CABLE FORMS BROADBAND GROUP TO COMBAT PR-MINDED RIVALS3/22/1998 7:00 PM Eastern
Cable has begun to go head-to-head against rival
high-speed-data alternatives by forming a new company, the Cable Broadband
Solutions Forum, aimed at giving new cable services a higher profile in the
The new group, incorporated as a nonprofit company in
January, sports a high-level board of directors comprised of senior executives from MSOs Tele-Communications
Inc., Time Warner Cable, Comcast Corp. and MediaOne,
as well as from high-speed-data company @Home Network.
The operators formed the CBSF as a way of combating
press-release momentum on the telco ADSL (asymmetrical digital subscriber line) front by
building a cohesive marketing and public-relations campaign about the benefits of
In part, the CBSF hopes to thwart any consumer perceptions
that ADSL technologies are more imminent than or superior to cable-modem-based services.
"There's a lot more than just writing a news release
-- the telcos have these armies of 'spin-meisters' who are trying to make their new
technology meaningful," said Dean Gilbert, senior vice president and
general manager of @Home and a member of the CBSF's board, "whereas cable is actually
doing something, by deploying and adding subscribers."
Over the past few months, a number of telcos and large
suppliers have announced plans to hone ADSL standards and to get the service in front of
customers. The telco pitch: A point-to-point, switched offering of high-speed data running
at top speeds of 12 megabits per second is a better option than cable's offering, which
runs at shared speeds of 27 mbps downstream.
BellSouth Corp., Pacific Bell and U S West Inc., among
others, have all announced intentions to aggressively deploy ADSL in their markets this
The CBSF will "evangelize broadband, in terms of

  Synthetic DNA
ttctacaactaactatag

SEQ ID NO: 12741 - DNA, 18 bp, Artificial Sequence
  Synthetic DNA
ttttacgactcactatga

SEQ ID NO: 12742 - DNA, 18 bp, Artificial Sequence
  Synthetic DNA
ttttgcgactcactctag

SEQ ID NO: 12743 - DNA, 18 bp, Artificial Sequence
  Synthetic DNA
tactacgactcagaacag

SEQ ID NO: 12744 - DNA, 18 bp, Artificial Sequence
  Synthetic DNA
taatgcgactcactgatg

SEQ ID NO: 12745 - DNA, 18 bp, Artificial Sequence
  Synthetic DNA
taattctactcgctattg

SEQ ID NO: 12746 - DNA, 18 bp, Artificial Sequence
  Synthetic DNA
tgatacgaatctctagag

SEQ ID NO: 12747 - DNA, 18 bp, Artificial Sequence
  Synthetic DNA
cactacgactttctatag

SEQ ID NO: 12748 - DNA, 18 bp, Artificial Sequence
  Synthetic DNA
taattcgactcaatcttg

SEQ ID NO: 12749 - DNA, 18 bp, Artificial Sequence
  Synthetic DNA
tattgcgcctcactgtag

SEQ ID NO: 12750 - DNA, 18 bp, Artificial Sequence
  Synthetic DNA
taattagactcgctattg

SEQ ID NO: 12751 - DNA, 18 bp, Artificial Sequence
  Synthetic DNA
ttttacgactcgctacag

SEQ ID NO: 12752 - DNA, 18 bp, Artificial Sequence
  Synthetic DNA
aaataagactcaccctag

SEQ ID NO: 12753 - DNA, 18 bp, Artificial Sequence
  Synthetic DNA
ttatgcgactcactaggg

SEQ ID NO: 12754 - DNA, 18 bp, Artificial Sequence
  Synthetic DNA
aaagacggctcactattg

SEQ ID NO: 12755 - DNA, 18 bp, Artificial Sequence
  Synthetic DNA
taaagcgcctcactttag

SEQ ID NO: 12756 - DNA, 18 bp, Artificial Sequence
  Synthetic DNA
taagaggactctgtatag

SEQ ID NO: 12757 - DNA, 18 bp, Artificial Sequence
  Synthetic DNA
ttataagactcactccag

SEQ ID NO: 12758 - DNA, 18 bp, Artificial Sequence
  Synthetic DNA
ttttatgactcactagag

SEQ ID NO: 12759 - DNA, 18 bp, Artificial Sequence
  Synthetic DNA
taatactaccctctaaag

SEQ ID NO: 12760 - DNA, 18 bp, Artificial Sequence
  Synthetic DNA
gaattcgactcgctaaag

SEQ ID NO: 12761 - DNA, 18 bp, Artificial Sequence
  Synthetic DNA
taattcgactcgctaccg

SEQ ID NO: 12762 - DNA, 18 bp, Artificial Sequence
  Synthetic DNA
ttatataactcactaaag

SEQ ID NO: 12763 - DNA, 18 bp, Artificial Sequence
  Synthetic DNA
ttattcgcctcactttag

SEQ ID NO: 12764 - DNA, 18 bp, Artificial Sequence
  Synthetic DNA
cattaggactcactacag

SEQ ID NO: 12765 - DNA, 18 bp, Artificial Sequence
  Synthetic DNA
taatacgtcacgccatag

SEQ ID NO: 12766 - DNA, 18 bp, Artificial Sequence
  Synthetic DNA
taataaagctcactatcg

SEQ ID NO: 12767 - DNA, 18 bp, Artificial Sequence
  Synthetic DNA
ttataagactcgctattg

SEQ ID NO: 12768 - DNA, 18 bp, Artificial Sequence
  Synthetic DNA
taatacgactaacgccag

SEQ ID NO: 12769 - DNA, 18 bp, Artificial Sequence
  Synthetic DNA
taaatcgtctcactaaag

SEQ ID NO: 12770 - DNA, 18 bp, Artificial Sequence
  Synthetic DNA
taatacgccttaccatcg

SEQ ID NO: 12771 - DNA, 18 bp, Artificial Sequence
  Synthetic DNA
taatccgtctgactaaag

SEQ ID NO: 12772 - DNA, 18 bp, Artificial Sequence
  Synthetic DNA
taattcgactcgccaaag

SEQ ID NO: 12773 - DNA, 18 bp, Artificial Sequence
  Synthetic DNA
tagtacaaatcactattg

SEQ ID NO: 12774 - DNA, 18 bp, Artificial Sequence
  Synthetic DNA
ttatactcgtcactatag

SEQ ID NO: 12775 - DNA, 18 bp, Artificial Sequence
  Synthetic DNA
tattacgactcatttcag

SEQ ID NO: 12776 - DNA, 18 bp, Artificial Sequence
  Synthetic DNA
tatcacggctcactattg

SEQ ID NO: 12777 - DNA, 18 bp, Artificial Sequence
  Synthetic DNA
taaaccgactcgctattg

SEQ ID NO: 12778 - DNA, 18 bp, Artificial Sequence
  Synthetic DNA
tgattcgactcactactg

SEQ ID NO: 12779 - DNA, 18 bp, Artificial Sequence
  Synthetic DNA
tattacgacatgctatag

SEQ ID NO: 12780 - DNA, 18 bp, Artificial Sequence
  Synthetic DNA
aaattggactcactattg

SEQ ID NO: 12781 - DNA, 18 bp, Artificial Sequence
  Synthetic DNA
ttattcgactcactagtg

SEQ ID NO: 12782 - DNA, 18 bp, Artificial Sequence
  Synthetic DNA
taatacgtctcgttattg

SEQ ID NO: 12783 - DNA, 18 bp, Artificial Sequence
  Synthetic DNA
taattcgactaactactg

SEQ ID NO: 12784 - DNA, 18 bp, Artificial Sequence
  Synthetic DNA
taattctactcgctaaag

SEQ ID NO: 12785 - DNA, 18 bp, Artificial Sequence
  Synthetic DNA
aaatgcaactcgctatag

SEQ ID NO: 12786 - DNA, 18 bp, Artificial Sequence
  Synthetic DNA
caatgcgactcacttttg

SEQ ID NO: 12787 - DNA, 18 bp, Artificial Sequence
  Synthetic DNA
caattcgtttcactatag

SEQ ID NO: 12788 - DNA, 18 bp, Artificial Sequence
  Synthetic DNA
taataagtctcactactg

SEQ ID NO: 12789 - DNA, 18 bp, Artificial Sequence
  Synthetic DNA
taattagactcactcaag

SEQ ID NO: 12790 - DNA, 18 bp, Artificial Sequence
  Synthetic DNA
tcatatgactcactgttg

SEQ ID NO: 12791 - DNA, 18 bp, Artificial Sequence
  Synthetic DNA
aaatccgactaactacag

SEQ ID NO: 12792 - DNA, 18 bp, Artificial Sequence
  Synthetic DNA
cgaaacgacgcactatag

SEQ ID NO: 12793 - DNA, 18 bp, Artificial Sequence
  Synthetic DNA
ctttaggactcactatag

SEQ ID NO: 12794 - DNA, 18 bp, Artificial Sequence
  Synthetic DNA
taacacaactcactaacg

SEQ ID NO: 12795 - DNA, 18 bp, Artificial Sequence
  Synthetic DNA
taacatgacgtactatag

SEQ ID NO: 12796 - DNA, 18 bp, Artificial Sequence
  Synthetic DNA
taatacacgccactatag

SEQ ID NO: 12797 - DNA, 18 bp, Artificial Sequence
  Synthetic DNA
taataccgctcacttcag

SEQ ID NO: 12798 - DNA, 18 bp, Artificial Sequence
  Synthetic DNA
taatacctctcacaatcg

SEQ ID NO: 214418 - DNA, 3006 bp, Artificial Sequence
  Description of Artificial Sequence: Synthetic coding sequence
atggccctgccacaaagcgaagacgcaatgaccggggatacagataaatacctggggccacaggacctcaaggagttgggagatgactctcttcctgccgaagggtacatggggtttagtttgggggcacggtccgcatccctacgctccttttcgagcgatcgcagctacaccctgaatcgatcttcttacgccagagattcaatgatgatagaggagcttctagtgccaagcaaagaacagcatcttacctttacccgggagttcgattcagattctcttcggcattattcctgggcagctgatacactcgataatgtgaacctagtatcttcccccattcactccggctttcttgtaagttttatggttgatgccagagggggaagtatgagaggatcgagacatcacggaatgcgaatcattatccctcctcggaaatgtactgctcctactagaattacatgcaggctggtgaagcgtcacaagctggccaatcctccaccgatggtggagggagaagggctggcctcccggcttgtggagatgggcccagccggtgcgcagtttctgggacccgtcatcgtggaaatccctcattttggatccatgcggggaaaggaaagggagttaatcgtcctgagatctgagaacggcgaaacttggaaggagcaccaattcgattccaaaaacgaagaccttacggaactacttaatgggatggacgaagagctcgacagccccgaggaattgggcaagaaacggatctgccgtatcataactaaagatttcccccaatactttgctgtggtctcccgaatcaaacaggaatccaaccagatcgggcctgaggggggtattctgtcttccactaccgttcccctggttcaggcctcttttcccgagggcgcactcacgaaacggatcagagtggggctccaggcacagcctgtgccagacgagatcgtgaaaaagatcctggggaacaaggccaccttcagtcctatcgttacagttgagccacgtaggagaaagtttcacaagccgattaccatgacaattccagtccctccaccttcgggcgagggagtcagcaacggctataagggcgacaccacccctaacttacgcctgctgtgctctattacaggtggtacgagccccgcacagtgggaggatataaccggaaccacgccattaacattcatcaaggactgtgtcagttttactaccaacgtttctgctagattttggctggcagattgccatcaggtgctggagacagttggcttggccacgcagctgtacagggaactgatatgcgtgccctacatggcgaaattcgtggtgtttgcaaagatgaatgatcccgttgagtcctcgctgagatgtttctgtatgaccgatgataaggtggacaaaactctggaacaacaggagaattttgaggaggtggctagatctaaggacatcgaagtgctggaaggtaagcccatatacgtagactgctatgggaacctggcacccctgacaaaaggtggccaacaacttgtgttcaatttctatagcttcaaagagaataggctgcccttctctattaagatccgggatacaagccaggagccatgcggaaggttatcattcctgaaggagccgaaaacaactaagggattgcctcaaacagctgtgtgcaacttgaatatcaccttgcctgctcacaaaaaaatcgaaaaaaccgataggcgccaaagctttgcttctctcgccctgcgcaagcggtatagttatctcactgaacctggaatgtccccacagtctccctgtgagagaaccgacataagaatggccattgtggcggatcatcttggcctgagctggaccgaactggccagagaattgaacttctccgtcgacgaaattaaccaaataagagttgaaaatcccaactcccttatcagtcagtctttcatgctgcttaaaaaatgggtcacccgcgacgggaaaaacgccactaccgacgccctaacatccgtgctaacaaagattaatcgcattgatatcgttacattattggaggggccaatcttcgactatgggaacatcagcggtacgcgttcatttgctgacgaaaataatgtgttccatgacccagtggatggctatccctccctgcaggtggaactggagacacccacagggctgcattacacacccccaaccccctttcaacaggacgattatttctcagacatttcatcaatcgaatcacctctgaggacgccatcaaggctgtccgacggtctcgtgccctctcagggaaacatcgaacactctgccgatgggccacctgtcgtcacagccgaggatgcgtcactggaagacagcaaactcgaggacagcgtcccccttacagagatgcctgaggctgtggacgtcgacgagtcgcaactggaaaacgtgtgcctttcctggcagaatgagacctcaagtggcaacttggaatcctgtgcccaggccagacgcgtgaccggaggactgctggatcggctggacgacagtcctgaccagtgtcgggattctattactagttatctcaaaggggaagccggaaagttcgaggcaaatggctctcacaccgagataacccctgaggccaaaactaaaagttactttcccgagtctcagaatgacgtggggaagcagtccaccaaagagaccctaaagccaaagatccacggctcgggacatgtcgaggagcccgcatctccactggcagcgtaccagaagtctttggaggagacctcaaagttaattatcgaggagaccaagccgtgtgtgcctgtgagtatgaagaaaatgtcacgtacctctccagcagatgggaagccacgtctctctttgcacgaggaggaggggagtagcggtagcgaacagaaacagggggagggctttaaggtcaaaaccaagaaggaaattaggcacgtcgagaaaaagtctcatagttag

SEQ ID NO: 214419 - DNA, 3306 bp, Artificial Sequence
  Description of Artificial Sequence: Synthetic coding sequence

providing services to consumers," Gilbert said. "It's to get out in front of the
rhetoric of ADSL."
Rob Davenport, senior vice president and chief operating
officer of TCI.NET, the TCI division focused on launching @Home in its systems, said the
genesis of the CBSF was a public-relations problem.
"The acknowledgment that the general consumer
awareness of what we're doing, as an industry -- and what we're all so excited about -- is
at unacceptably low levels," Davenport said.
"We really need for the general populous to
understand, and we need to make it relevant to them, and not to come off that broadband is
some kind of newfangled, confusing technology," Davenport said.
Already, the CBSF has roused the support of 35 partners
representing MSOs, vendors and service providers, which will pay dues of $10,000 to
participate. Cisco Systems Inc. was to first to pony up, cable executives said.
Other vendors that attended two of the initial CBSF
Bay Networks Inc
Digital Equipment Corp.
General Instrument Corp.
Samsung Electronics America
Sun Microsystems Inc.
Terayon Communication Systems
The group, formed at the Western Show in December, has
since held one meeting at Microsoft's Redmond, Wash., headquarters.
Besides Gilbert, other board members include Davenport;
Mark Coblitz, vice president of strategic planning for Comcast Corp.; Jan Peters, CEO of
MediaOne; and Tim Evard, president of Time Warner Cable's Road Runner, among others.
Davenport said he holds substantial enthusiasm for the
success of the fledgling venture.
"I relate this to talking to people who don't
understand what it is that we do -- it winds up being a long conversation," he said.
"We live and breathe this [broadband services], but that's obviously not so with the
general public yet."
The CBSF plans to release specific action plans during the
National Show in May, when the company will hold its official "coming-out
party," executives said.
"Frankly, it's in the early stages," Davenport
said. "The manifestation of the activity will take place around public-relations and
marketing campaigns that are not branded from any particular MSO or vendor, but more as a
way to submit the industry's stance."
The campaigns, yet to be finalized, will likely focus on
telling consumers that broadband services are easy to use and ready for primetime, Gilbert